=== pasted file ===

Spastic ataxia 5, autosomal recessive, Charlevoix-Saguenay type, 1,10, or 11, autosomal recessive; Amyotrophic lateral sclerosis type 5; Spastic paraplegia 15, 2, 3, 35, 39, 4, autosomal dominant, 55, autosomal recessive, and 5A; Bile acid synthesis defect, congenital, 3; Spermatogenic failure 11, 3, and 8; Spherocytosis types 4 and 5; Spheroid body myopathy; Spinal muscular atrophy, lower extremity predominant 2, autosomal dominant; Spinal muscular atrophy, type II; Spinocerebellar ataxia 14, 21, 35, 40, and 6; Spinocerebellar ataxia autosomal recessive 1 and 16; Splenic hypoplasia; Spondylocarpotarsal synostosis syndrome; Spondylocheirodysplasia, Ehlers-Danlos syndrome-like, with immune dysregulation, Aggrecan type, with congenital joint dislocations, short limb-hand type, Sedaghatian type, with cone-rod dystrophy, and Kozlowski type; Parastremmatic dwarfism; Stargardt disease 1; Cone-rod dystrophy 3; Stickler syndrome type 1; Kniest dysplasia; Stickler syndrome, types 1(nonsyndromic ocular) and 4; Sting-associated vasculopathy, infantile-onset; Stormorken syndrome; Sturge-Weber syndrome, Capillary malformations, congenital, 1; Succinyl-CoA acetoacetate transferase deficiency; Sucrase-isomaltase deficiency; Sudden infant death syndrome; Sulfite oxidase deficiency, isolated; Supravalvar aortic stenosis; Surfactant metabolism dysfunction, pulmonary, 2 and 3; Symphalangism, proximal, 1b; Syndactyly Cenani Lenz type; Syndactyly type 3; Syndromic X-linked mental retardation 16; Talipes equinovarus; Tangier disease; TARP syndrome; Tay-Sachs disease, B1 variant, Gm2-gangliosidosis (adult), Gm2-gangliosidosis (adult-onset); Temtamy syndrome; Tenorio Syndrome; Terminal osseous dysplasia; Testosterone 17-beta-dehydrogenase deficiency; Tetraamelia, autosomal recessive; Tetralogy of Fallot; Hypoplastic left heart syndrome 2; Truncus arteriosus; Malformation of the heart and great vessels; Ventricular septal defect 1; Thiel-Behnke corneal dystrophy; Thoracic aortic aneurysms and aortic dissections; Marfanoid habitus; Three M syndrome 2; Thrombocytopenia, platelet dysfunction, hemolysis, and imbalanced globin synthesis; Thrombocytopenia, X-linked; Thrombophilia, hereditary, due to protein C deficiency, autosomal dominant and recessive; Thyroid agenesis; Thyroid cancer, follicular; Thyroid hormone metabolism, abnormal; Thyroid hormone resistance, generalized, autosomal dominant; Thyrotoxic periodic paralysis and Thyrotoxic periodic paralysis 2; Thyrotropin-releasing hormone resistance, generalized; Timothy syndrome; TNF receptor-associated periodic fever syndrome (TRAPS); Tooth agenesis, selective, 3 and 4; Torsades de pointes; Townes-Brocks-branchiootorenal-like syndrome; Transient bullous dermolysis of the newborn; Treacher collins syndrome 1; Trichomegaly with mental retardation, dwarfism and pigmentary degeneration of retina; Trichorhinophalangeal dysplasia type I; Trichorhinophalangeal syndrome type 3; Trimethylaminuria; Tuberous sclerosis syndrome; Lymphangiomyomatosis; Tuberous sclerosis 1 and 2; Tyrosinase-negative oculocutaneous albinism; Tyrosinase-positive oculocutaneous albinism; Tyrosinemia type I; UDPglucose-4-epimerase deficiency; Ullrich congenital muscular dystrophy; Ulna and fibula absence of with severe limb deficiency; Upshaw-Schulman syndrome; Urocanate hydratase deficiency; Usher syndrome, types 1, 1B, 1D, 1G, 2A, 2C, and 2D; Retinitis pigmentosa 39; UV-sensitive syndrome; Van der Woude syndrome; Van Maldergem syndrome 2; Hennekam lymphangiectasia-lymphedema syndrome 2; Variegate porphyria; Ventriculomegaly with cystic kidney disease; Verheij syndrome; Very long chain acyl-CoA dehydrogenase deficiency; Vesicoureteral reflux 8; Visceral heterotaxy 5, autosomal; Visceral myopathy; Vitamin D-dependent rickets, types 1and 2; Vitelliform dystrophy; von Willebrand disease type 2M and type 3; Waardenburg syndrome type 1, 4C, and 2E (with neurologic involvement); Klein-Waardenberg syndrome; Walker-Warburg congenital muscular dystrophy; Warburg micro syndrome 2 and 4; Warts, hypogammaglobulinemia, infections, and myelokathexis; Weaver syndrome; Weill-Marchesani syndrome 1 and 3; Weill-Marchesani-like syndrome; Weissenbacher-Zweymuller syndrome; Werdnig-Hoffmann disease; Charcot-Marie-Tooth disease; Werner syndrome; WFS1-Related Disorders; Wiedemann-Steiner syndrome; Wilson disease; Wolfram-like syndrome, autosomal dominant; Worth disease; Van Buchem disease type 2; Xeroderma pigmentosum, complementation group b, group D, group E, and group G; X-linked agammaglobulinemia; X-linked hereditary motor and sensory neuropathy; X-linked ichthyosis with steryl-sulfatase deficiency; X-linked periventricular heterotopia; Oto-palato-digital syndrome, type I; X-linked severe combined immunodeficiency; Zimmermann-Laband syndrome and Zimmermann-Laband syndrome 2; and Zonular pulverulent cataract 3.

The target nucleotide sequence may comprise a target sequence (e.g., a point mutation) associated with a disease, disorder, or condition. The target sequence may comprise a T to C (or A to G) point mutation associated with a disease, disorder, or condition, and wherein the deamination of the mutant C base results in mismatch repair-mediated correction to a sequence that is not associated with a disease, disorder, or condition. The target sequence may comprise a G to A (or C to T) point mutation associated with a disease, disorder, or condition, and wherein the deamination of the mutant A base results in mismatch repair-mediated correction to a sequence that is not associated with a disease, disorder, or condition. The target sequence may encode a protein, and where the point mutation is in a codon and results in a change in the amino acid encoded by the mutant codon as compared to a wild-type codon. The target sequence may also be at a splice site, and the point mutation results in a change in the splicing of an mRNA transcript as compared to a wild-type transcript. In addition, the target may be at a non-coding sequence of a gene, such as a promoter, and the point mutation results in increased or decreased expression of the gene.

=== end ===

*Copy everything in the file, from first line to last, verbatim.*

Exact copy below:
Spastic ataxia 5, autosomal recessive, Charlevoix-Saguenay type, 1,10, or 11, autosomal recessive; Amyotrophic lateral sclerosis type 5; Spastic paraplegia 15, 2, 3, 35, 39, 4, autosomal dominant, 55, autosomal recessive, and 5A; Bile acid synthesis defect, congenital, 3; Spermatogenic failure 11, 3, and 8; Spherocytosis types 4 and 5; Spheroid body myopathy; Spinal muscular atrophy, lower extremity predominant 2, autosomal dominant; Spinal muscular atrophy, type II; Spinocerebellar ataxia 14, 21, 35, 40, and 6; Spinocerebellar ataxia autosomal recessive 1 and 16; Splenic hypoplasia; Spondylocarpotarsal synostosis syndrome; Spondylocheirodysplasia, Ehlers-Danlos syndrome-like, with immune dysregulation, Aggrecan type, with congenital joint dislocations, short limb-hand type, Sedaghatian type, with cone-rod dystrophy, and Kozlowski type; Parastremmatic dwarfism; Stargardt disease 1; Cone-rod dystrophy 3; Stickler syndrome type 1; Kniest dysplasia; Stickler syndrome, types 1(nonsyndromic ocular) and 4; Sting-associated vasculopathy, infantile-onset; Stormorken syndrome; Sturge-Weber syndrome, Capillary malformations, congenital, 1; Succinyl-CoA acetoacetate transferase deficiency; Sucrase-isomaltase deficiency; Sudden infant death syndrome; Sulfite oxidase deficiency, isolated; Supravalvar aortic stenosis; Surfactant metabolism dysfunction, pulmonary, 2 and 3; Symphalangism, proximal, 1b; Syndactyly Cenani Lenz type; Syndactyly type 3; Syndromic X-linked mental retardation 16; Talipes equinovarus; Tangier disease; TARP syndrome; Tay-Sachs disease, B1 variant, Gm2-gangliosidosis (adult), Gm2-gangliosidosis (adult-onset); Temtamy syndrome; Tenorio Syndrome; Terminal osseous dysplasia; Testosterone 17-beta-dehydrogenase deficiency; Tetraamelia, autosomal recessive; Tetralogy of Fallot; Hypoplastic left heart syndrome 2; Truncus arteriosus; Malformation of the heart and great vessels; Ventricular septal defect 1; Thiel-Behnke corneal dystrophy; Thoracic aortic aneurysms and aortic dissections; Marfanoid habitus; Three M syndrome 2; Thrombocytopenia, platelet dysfunction, hemolysis, and imbalanced globin synthesis; Thrombocytopenia, X-linked; Thrombophilia, hereditary, due to protein C deficiency, autosomal dominant and recessive; Thyroid agenesis; Thyroid cancer, follicular; Thyroid hormone metabolism, abnormal; Thyroid hormone resistance, generalized, autosomal dominant; Thyrotoxic periodic paralysis and Thyrotoxic periodic paralysis 2; Thyrotropin-releasing hormone resistance, generalized; Timothy syndrome; TNF receptor-associated periodic fever syndrome (TRAPS); Tooth agenesis, selective, 3 and 4; Torsades de pointes; Townes-Brocks-branchiootorenal-like syndrome; Transient bullous dermolysis of the newborn; Treacher collins syndrome 1; Trichomegaly with mental retardation, dwarfism and pigmentary degeneration of retina; Trichorhinophalangeal dysplasia type I; Trichorhinophalangeal syndrome type 3; Trimethylaminuria; Tuberous sclerosis syndrome; Lymphangiomyomatosis; Tuberous sclerosis 1 and 2; Tyrosinase-negative oculocutaneous albinism; Tyrosinase-positive oculocutaneous albinism; Tyrosinemia type I; UDPglucose-4-epimerase deficiency; Ullrich congenital muscular dystrophy; Ulna and fibula absence of with severe limb deficiency; Upshaw-Schulman syndrome; Urocanate hydratase deficiency; Usher syndrome, types 1, 1B, 1D, 1G, 2A, 2C, and 2D; Retinitis pigmentosa 39; UV-sensitive syndrome; Van der Woude syndrome; Van Maldergem syndrome 2; Hennekam lymphangiectasia-lymphedema syndrome 2; Variegate porphyria; Ventriculomegaly with cystic kidney disease; Verheij syndrome; Very long chain acyl-CoA dehydrogenase deficiency; Vesicoureteral reflux 8; Visceral heterotaxy 5, autosomal; Visceral myopathy; Vitamin D-dependent rickets, types 1and 2; Vitelliform dystrophy; von Willebrand disease type 2M and type 3; Waardenburg syndrome type 1, 4C, and 2E (with neurologic involvement); Klein-Waardenberg syndrome; Walker-Warburg congenital muscular dystrophy; Warburg micro syndrome 2 and 4; Warts, hypogammaglobulinemia, infections, and myelokathexis; Weaver syndrome; Weill-Marchesani syndrome 1 and 3; Weill-Marchesani-like syndrome; Weissenbacher-Zweymuller syndrome; Werdnig-Hoffmann disease; Charcot-Marie-Tooth disease; Werner syndrome; WFS1-Related Disorders; Wiedemann-Steiner syndrome; Wilson disease; Wolfram-like syndrome, autosomal dominant; Worth disease; Van Buchem disease type 2; Xeroderma pigmentosum, complementation group b, group D, group E, and group G; X-linked agammaglobulinemia; X-linked hereditary motor and sensory neuropathy; X-linked ichthyosis with steryl-sulfatase deficiency; X-linked periventricular heterotopia; Oto-palato-digital syndrome, type I; X-linked severe combined immunodeficiency; Zimmermann-Laband syndrome and Zimmermann-Laband syndrome 2; and Zonular pulverulent cataract 3.

The target nucleotide sequence may comprise a target sequence (e.g., a point mutation) associated with a disease, disorder, or condition. The target sequence may comprise a T to C (or A to G) point mutation associated with a disease, disorder, or condition, and wherein the deamination of the mutant C base results in mismatch repair-mediated correction to a sequence that is not associated with a disease, disorder, or condition. The target sequence may comprise a G to A (or C to T) point mutation associated with a disease, disorder, or condition, and wherein the deamination of the mutant A base results in mismatch repair-mediated correction to a sequence that is not associated with a disease, disorder, or condition. The target sequence may encode a protein, and where the point mutation is in a codon and results in a change in the amino acid encoded by the mutant codon as compared to a wild-type codon. The target sequence may also be at a splice site, and the point mutation results in a change in the splicing of an mRNA transcript as compared to a wild-type transcript. In addition, the target may be at a non-coding sequence of a gene, such as a promoter, and the point mutation results in increased or decreased expression of the gene.